By Kim Richards
University of Calgary staff and students took to the streets this past weekend to combat the purchase and sale of human beings.
The inaugural event in a global initiative to Stop Child Trafficking Now raised funds and broadened awareness for the organization of the same name Sept. 26-27.
Ashley Karg, a fourth-year undergraduate student, was approached to be the Calgary community advisor after holding a benefit concert in February that raised $5,000 for human trafficking advocacy.
Having long had an interest in child and human trafficking, Karg was enthusiastic about having the opportunity to combat the practice.
One of the problems with child and human trafficking, said Karg, is that many people do not know what they can do to fight such a substantial problem.
“I hope that the walk is something that will perk interest. University is the place we learn about a lot of issues in the world. I hope this will be a starting point for a wider awareness,” she said.
Karg is hopeful that the event can be expanded as more people are motivated to get involved, “I’d love to see it become an annual campus-wide event.”
Calgary is one of three Canadian locations and one of 40 worldwide to hold the walk this weekend. Karg said the majority of funds raised came from private donations.
“A lot of people are responding from the community, it’s really great,” she said.
According to a recent National Post article, the RCMP estimates that 800 women and children in Canada are trafficked for prostitution each year. Advocacy groups suggest there could be as many as 15,000 each year. According to the SCTN website, child trafficking is one of the fastest-growing crimes in the world.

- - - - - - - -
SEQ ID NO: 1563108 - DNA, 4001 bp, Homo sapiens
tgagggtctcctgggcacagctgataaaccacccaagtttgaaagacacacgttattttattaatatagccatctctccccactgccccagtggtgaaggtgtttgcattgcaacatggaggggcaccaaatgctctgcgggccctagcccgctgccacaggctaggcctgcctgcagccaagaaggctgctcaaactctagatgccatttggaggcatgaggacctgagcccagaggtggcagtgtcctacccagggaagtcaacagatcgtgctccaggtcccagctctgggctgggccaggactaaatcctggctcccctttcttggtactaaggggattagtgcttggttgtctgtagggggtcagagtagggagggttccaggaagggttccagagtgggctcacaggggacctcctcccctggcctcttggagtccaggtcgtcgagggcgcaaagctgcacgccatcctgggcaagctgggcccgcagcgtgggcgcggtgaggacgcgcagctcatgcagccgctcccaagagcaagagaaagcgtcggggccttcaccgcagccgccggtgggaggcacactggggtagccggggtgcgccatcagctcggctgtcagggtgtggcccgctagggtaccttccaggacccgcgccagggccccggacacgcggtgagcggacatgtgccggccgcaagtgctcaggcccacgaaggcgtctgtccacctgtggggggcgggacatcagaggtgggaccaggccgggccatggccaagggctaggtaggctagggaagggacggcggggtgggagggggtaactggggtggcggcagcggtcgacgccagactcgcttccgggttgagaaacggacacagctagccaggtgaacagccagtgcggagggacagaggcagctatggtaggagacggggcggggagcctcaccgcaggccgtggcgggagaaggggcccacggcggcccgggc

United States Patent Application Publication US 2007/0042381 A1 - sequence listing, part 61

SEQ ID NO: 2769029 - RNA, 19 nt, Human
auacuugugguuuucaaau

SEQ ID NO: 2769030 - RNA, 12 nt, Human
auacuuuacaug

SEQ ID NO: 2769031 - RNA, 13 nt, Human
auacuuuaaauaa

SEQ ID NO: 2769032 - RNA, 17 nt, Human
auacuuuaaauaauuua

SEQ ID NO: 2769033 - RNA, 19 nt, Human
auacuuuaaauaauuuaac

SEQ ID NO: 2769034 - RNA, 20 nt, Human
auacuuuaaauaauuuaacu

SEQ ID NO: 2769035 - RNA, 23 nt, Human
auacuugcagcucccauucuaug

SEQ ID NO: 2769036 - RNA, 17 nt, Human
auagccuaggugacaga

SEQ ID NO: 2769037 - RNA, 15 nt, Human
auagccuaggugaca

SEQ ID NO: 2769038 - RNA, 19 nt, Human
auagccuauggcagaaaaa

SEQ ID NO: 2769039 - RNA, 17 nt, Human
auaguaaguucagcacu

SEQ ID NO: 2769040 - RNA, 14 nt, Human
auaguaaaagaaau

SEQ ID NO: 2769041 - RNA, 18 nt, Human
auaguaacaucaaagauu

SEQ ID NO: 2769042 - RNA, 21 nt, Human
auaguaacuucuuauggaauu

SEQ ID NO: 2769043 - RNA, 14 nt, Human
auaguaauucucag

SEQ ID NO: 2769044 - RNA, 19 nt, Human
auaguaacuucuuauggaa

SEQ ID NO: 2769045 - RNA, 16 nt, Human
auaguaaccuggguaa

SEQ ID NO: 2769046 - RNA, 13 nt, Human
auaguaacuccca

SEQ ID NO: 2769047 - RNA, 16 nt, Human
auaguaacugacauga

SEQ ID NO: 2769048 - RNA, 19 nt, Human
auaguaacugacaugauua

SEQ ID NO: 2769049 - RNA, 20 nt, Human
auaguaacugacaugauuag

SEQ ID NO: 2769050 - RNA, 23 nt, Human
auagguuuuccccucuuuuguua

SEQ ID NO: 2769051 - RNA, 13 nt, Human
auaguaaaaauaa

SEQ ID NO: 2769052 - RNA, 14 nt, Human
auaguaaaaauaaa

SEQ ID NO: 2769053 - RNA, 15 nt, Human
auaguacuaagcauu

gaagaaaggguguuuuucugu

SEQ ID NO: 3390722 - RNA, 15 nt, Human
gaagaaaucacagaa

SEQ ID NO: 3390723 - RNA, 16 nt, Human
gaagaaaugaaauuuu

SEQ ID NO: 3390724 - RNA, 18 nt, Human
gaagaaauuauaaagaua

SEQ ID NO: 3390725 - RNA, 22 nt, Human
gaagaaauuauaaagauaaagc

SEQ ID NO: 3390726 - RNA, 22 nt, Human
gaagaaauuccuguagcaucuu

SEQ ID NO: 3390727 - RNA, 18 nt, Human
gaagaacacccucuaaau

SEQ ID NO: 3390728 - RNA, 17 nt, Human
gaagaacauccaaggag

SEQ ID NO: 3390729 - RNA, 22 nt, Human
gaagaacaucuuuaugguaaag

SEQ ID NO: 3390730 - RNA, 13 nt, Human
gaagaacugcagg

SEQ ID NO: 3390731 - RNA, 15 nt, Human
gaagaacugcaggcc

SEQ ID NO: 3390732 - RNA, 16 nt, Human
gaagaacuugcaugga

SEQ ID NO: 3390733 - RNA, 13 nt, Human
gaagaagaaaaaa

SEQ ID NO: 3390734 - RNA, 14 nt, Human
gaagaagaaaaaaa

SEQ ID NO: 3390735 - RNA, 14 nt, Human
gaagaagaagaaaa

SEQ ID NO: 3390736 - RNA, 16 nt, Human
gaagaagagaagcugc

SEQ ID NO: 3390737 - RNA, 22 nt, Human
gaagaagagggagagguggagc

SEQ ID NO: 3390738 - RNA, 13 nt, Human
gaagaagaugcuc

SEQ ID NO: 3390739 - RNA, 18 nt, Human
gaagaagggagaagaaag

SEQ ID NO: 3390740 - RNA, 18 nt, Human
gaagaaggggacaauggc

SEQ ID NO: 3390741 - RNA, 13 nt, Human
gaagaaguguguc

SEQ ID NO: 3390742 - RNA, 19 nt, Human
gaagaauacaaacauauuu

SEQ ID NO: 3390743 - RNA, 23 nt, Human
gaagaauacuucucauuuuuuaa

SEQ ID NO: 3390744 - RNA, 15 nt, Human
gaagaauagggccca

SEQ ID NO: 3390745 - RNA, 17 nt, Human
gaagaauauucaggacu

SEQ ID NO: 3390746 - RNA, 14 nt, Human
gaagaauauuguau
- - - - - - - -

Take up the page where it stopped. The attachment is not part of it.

Trafficking children in the sex industry follows the basic economic principle of supply and demand. Research conducted by SCTN reveals that funding efforts to support “the deterrence and eliminate the demand fueling this heinous crime is the most effective [method used to address child trafficking issues.]”
Donations are sent to SCTN and used to hire special operative teams to track and gather evidence against child predators for prosecution.
“Rescues are necessary but the demand is so high that once someone’s rescued they’ll find someone else,” she said.
By convicting predators, the source of the problem is destroyed.
Only a limited number of convictions worldwide have occurred over the last decade. Earlier this month, the first human trafficking charges in Western Canada were laid since the crime’s recognition in the Criminal Code of Canada in 2005.
Police rescued three women who were allegedly being forced to eat, sleep and perform sex acts for money at a spa in Edmonton. Two people have been charged with human trafficking.